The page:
1. This site uses cookies. By continuing to use this site, you are agreeing to our use of cookies. Learn More.

Help with DC (Active Directory) and DNS - Server 2003

Discussion in 'Windows Server 2003 / 2008 / 2012 Exams' started by SolidSponge, Mar 16, 2007.

  1. SolidSponge

    SolidSponge Bit Poster

    40
    0
    21
    Hi guys.

    I'm trying to set up a DC and DNS to use on my network. Problem I have is that I have a router that is acting as a DHCP server to assign IP's to all my clients. Now I know that DNS needs a static IP to function correctly so I need to disable the DHCP function in the router settings. My question is how do I know what IP addresses to assign to my server and clients (or just my server, because I'll eventually be setting up DHCP on there also)? I'm guessing that I'm limited to class C ip's as you can only change the last range of numbers of the Subnet Mask in the router.
    Sorry if I'm being stupid. I feel I should know this but I'm new to all this 290 stuff :biggrin
     
    Certifications: A+, MCP (70-270)
    WIP: 70-290
  2. Modey

    Modey Terabyte Poster

    2,397
    99
    154
    You will only need to disable the DHCP server on your router when you want to setup DHCP on your 2K3 server. Just assign a static IP to your 2K3 server and then set it up as a DC / DNS server. It won't care that there is a DHCP server on the same subnet.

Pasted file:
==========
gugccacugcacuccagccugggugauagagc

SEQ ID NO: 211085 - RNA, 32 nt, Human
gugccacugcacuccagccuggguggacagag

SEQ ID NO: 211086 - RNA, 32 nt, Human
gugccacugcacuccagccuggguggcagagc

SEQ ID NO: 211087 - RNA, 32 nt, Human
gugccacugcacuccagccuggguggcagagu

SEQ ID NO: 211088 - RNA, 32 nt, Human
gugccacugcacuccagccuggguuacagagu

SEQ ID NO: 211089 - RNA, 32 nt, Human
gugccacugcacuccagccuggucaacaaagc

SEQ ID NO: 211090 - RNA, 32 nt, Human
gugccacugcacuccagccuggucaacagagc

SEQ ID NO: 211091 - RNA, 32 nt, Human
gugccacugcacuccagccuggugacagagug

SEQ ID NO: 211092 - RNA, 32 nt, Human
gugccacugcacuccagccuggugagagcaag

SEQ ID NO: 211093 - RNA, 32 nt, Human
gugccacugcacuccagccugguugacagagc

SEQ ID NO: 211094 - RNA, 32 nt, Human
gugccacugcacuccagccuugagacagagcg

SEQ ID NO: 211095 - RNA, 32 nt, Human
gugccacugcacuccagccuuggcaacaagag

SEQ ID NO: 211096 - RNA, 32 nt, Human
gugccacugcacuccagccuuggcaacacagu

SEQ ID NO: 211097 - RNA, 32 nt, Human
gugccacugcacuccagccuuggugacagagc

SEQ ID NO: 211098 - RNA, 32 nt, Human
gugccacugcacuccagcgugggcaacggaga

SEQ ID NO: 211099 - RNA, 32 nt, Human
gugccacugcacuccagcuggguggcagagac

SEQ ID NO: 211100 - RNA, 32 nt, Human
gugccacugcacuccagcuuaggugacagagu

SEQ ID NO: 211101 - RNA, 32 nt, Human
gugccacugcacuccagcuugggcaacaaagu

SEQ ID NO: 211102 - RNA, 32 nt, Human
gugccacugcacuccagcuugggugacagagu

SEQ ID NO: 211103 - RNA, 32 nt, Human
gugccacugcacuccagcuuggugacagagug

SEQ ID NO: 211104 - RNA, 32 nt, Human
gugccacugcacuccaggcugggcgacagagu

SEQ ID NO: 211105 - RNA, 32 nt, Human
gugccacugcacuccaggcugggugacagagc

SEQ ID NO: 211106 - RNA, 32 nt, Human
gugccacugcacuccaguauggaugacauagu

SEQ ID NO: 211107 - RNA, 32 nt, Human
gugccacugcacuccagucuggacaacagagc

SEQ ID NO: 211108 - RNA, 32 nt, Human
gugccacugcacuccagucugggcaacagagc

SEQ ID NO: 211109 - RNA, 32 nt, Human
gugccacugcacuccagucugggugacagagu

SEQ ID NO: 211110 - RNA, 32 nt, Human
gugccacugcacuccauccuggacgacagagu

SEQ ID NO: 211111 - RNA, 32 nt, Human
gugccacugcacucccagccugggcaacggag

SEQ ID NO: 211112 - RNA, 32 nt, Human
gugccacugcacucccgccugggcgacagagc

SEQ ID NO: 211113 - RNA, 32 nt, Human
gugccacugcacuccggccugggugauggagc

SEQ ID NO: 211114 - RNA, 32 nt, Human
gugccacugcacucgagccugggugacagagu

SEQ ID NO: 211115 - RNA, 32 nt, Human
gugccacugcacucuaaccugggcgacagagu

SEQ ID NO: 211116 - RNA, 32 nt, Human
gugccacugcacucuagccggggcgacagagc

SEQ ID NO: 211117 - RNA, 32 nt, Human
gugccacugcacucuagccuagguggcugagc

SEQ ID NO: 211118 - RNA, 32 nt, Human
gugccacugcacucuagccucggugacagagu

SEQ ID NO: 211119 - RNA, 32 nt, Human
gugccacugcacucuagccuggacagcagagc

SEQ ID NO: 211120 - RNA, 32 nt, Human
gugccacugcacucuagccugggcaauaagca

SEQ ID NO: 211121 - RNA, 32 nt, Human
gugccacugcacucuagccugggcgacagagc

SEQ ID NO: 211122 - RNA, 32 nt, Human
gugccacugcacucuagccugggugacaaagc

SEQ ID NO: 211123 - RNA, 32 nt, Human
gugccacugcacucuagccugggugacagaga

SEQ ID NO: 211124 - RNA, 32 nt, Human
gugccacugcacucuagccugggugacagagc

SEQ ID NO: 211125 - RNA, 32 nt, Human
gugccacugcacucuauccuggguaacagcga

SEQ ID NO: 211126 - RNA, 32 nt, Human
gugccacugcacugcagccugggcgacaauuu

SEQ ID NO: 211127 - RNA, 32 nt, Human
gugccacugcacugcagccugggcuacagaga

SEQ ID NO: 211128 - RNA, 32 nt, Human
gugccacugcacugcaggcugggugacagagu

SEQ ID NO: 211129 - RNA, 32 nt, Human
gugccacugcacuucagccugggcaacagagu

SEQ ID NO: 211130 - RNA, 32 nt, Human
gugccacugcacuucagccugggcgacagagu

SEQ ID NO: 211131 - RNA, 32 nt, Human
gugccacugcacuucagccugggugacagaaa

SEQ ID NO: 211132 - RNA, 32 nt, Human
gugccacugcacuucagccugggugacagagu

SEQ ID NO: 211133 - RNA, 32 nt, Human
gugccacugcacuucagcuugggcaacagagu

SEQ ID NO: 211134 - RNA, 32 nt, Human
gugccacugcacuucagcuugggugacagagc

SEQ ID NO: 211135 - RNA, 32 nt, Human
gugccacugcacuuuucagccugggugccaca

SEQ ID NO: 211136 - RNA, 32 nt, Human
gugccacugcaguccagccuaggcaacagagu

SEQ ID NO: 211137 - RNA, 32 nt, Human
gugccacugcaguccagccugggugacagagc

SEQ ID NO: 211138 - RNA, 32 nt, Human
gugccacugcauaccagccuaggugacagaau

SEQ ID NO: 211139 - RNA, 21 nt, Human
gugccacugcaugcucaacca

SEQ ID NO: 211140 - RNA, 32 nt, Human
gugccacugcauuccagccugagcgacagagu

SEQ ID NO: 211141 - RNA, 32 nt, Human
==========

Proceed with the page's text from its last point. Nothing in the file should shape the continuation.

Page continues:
The one thing you may have to do is tweak the scope that your router / dhcp server is using. That or reserve / exclude the address you intend to use for your DC.
     
    Certifications: A+, N+, MCP, MCDST, MCSA 2K3, MCTS, MOS, MTA, MCT, MCITP:EDST7, MCSA W7, Citrix CCA, ITIL Foundation
    WIP: Nada
  3. SolidSponge

    SolidSponge Bit Poster

    40
    0
    21
    Ah ok. So set my DC/DNS server to have a static IP, say 192.168.1.101 and take out that range in my router. I get it now.

    Am I right in saying that the IP's assinged by my router are class C only?
     
    Certifications: A+, MCP (70-270)
    WIP: 70-290
  4. Modey

    Modey Terabyte Poster

    2,397
    99
    154
    Highly likely that they will be using a Class C Default subnet mask, yes (ie 255.255.255.0). I haven't seen a home router yet that didn't use a class C range / subnet mask.
     
    Certifications: A+, N+, MCP, MCDST, MCSA 2K3, MCTS, MOS, MTA, MCT, MCITP:EDST7, MCSA W7, Citrix CCA, ITIL Foundation
    WIP: Nada
  5. Sparky
    Highly Decorated Member Award

    Sparky Zettabyte Poster Moderator

    10,190
    296
    319
    Doesnt have to be a class C subnet but probably best to keep it that way for now.

    You dont have to exclude the IP of the DNS server in the DHCP scope either, when the DHCP server allocates an IP to a client it pings in first to check for a conflict 8)
     
    Certifications: MSc MCSE MCSA:M MCSA:S MCITP:EA MCTS(x5) Security+ Network+ A+
    WIP: Exchange 2007\2010
  6. Bluerinse
    Honorary Member

    Bluerinse Exabyte Poster

    8,871
    167
    256
    Assuming that the box is up and running :rolleyes:

    Note that if you are setting up a domain, your clients TCP/IP settings should be pointing at your internal DNS server for local DNS name resolution - your router DHCP when leasing out IP addresses may not be configurable to do this and it certainly woo not be able to interact with AD.